The fashion industry is notoriously difficult to predict despite the data revolution sweeping other sectors.
Trends quickly take a hold and, as suppliers scramble to service the newfound demand, can again become redundant within a few short weeks.
Enter fashion prediction platform Dressipi, fifth on our recent London Tech 50 innovation ranking. Co-founded by Donna North and Sarah McVittie around 2012, the business is working with high street brands John Lewis, River Island and Topshop to help them predict what customers will buy and not return.
“Fashion and clothing is much more complex than most other products,” North tells BusinessCloud. “Every product has a very short lifecycle, only about six to eight weeks, and there is always a ‘cold start’ problem.
“The physicality of the consumer makes a real difference as to whether they can wear that item, from a size or shape perspective; then you get into their preferences; and then there is the context.
“So there are a lot of challenges that prevent you from taking off-the–shelf models or algorithms and using them within the fashion domain.”
And North should know. With a strong background in digital media, the entrepreneur – who will speak at our free virtual event on fashion tech (click below to register) – was “early to tech” in the 1990s.
At IMG she oversaw the creation of technology to enable new business models, digital rights and content across the media giant’s portfolio, including for the International Olympic Committee and football federations.
“It’s not very well known, but IMG had a very big investment in fashion and modelling agencies. That’s where the idea for Dressipi first started,” she explains. She teamed up with McVittie – a former city analyst who had sold her text message question answering service Texperts to the owners of 118 118 in a multi-million-pound deal – to found the start-up.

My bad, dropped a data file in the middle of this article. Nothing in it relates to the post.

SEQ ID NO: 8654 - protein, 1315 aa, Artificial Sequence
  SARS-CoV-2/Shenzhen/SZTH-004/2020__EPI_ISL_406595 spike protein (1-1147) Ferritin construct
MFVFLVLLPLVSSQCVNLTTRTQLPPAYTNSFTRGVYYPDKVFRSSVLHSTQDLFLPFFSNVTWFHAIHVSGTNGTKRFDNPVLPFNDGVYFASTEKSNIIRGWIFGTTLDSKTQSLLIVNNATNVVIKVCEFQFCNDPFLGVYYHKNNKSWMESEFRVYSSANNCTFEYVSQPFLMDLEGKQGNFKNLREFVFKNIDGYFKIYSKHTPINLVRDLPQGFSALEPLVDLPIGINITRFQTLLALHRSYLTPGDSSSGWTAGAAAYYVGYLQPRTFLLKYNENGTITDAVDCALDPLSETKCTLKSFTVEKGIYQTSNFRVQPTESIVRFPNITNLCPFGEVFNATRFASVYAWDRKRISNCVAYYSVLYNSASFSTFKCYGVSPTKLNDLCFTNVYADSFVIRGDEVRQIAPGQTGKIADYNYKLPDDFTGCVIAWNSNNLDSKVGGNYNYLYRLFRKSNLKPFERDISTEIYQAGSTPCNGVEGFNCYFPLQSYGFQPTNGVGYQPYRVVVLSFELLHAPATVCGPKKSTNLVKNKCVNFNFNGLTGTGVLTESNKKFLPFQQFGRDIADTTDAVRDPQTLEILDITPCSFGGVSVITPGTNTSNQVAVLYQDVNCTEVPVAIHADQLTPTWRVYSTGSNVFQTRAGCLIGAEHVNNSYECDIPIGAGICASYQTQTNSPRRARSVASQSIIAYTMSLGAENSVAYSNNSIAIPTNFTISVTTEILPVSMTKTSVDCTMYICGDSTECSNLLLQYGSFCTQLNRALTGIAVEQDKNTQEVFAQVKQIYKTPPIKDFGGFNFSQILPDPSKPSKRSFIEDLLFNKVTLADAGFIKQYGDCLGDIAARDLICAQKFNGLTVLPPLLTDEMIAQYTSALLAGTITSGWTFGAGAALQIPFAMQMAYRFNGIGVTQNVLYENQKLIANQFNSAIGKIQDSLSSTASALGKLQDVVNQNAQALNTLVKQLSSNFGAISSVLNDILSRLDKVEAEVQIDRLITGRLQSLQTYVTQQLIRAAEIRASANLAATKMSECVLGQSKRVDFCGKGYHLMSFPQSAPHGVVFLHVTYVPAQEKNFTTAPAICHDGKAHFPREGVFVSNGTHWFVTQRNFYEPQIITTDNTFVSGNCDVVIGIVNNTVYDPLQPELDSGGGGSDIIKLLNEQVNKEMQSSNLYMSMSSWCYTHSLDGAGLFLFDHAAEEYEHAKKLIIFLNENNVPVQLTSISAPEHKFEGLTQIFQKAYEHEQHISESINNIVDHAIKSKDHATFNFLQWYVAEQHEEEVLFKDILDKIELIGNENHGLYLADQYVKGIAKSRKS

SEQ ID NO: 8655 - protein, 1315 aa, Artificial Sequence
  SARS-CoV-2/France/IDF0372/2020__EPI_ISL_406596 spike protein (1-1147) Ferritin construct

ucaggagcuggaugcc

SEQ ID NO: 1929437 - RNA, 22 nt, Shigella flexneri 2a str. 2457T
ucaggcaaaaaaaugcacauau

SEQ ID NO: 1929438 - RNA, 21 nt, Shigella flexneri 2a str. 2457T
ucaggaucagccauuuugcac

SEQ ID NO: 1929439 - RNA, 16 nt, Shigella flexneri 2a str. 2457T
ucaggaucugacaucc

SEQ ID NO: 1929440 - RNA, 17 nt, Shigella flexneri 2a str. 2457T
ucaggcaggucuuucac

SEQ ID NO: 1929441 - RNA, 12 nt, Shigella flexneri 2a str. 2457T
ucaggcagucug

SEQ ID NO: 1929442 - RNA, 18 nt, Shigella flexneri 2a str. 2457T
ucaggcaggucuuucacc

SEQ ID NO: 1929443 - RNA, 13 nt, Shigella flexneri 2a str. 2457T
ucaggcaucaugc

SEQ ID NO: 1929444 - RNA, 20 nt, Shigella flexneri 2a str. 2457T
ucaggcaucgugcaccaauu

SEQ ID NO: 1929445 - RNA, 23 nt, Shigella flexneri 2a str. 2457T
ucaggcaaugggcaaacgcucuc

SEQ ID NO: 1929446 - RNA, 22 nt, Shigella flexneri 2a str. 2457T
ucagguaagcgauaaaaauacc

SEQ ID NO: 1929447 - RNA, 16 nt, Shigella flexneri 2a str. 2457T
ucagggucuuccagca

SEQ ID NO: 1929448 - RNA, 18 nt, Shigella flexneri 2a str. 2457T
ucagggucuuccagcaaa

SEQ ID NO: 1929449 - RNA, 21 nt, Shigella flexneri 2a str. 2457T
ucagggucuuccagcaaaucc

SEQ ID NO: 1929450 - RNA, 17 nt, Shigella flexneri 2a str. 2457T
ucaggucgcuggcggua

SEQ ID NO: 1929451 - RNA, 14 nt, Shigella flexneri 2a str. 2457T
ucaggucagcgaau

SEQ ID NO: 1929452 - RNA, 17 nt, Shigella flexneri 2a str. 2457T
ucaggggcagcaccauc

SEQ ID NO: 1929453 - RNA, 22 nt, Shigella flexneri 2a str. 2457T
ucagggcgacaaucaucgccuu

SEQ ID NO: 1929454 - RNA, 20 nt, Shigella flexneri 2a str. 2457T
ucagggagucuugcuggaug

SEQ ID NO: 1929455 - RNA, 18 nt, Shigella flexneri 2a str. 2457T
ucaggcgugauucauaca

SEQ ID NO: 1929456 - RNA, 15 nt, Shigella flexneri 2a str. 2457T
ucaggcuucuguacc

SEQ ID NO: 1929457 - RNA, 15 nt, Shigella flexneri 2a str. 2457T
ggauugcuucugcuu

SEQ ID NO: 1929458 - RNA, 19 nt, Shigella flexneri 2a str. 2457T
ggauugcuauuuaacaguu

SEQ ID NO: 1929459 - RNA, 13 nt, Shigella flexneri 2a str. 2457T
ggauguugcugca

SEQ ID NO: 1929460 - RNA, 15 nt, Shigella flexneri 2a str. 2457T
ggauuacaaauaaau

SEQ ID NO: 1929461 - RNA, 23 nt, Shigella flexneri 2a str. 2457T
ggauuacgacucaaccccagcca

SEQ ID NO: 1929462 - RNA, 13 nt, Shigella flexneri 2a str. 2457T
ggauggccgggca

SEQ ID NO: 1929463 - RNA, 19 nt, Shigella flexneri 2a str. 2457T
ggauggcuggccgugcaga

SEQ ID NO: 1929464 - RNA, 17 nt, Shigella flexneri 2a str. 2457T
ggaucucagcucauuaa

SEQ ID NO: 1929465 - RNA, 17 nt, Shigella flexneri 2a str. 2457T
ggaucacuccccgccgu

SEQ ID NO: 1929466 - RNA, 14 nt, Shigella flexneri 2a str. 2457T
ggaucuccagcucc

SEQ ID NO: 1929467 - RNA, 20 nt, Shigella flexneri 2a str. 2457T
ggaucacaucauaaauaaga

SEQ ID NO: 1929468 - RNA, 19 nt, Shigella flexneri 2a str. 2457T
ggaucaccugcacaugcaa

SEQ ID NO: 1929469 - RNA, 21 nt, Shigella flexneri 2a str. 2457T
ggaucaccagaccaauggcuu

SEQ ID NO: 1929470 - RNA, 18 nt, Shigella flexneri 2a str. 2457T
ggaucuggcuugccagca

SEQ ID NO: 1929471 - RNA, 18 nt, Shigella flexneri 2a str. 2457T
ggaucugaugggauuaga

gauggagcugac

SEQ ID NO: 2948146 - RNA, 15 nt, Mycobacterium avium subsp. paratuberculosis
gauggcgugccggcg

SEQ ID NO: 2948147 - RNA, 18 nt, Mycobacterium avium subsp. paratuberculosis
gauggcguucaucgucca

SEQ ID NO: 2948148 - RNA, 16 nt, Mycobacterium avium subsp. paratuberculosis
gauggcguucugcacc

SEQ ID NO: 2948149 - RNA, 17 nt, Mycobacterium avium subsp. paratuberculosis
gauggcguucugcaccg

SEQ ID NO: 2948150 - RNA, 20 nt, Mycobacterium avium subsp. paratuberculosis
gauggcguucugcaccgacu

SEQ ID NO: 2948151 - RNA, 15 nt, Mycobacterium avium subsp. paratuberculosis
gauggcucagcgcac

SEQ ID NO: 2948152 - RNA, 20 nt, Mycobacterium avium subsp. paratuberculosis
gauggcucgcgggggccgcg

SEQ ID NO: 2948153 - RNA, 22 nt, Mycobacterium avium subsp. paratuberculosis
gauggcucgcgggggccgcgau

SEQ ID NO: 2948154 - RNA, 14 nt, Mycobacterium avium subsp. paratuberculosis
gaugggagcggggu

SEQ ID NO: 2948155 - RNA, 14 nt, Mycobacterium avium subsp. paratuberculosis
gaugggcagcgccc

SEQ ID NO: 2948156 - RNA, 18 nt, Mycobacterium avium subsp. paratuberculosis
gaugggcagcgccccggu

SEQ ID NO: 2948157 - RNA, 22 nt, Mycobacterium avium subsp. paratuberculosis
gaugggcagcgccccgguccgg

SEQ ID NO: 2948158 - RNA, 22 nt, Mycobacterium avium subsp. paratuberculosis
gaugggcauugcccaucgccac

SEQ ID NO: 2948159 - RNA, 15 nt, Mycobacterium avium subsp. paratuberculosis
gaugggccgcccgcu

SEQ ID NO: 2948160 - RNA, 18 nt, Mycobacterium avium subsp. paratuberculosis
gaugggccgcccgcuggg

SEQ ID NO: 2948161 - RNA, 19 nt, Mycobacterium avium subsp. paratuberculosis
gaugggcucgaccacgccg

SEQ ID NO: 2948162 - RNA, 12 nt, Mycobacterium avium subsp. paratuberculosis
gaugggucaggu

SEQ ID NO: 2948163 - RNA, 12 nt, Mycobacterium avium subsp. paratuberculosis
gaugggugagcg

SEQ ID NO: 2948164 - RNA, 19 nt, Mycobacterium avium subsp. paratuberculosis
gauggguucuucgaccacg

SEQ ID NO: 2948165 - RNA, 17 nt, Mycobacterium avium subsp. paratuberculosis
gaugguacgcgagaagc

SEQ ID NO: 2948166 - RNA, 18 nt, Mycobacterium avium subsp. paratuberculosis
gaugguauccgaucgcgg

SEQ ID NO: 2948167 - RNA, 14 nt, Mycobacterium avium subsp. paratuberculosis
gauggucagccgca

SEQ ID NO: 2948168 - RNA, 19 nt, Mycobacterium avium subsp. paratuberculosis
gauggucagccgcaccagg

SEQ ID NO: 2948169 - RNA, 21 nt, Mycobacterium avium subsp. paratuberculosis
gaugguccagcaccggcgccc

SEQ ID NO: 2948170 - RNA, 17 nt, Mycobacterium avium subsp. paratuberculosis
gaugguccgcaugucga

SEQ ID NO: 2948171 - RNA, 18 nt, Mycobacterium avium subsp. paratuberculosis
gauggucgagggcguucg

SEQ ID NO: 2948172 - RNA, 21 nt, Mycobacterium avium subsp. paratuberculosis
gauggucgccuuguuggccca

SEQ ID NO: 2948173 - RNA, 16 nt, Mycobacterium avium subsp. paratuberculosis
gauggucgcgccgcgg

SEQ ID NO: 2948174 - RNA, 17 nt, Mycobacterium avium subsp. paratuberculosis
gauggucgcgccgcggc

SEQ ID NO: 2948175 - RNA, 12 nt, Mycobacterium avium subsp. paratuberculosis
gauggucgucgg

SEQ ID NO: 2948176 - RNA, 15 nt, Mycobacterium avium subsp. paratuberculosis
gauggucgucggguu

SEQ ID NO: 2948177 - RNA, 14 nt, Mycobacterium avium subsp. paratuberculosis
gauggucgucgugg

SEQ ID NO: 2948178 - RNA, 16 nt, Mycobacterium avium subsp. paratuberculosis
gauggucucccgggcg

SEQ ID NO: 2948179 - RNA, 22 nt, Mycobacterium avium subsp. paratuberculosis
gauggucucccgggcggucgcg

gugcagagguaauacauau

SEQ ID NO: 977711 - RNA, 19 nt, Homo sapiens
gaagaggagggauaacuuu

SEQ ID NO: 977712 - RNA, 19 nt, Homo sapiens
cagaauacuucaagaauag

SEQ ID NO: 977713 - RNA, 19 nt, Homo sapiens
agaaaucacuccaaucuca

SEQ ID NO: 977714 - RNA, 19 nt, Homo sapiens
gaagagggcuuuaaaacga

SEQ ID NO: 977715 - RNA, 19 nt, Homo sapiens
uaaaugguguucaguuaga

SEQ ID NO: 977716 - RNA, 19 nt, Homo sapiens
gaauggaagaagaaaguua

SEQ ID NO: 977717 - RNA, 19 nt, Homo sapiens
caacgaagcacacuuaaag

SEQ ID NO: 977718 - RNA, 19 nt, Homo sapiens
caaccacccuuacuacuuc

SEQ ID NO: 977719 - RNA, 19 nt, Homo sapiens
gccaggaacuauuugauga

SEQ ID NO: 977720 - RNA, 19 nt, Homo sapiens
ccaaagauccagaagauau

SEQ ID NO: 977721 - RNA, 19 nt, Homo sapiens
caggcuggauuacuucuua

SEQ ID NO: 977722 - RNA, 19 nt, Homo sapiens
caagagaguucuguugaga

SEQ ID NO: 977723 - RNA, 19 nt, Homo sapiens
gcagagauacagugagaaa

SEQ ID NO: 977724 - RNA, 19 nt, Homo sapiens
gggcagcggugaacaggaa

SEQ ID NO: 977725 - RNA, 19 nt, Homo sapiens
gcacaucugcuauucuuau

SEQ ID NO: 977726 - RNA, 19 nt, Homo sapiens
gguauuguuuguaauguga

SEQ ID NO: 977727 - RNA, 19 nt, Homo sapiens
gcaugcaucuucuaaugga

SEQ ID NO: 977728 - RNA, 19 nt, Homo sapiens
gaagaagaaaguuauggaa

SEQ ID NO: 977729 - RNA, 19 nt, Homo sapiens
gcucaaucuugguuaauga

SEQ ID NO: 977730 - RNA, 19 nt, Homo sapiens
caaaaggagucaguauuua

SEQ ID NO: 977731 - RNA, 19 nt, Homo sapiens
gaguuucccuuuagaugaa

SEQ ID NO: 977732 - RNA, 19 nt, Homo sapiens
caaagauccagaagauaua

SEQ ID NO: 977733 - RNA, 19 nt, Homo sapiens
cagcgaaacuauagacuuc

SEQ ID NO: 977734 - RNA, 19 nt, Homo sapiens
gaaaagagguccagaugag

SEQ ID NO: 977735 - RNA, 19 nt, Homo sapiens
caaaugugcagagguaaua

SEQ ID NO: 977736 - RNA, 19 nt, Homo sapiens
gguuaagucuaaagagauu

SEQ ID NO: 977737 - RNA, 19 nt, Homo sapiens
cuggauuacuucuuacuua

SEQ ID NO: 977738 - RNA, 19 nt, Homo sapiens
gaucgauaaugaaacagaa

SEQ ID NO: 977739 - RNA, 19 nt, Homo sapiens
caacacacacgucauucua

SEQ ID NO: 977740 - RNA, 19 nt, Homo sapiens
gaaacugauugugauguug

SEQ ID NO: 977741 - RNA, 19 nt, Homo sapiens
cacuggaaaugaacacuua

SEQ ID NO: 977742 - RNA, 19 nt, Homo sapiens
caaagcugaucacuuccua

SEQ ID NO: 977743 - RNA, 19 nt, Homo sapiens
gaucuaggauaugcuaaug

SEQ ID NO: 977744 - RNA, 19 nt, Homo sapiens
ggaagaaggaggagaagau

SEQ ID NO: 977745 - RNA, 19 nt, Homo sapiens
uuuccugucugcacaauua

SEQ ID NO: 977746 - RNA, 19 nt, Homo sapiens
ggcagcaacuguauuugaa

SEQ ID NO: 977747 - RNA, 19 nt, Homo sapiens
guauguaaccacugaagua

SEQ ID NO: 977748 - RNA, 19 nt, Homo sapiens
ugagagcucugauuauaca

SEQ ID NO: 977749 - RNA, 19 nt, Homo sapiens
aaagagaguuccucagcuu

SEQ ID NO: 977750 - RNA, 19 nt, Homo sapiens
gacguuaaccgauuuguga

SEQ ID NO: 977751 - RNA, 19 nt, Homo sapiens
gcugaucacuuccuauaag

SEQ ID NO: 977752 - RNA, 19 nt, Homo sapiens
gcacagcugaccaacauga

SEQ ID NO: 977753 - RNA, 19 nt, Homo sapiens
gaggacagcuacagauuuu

“As more and more retailers went online, we could see that there was a big problem around navigating choice. Dressipi initially tried to solve that problem: how do you edit down from a million available players to the ones that are the best match for the consumer?
“The volume of data needed to build smart algorithms effectively forced us very quickly to move the business from a B2C model to B2B, as that enabled us to start getting access to volumes of transaction and activity data and build the smarts.”
Dressipi now claims to hold the largest and most accurate customer and garment dataset in the industry, powering billions of product and outfit predictions every year. River Island says customers who interact with its personalised content are twice as likely to convert to a purchase, while their average order value increases by an average of 20 per cent.
A team of 25 today, it employs mostly data scientists and engineers who work with experts to gain that crucial human insight into fashion.
“Very early on, we paired our data science and engineering teams with fashion stylists so we could learn and implant those kind of nuances into the algorithms,” says North.
“If a product type suddenly starts getting bought, a stylist might say ‘that became a trend three weeks ago’. Suddenly customers who said that they didn’t like polka dots and flares last month are going to purchase that item.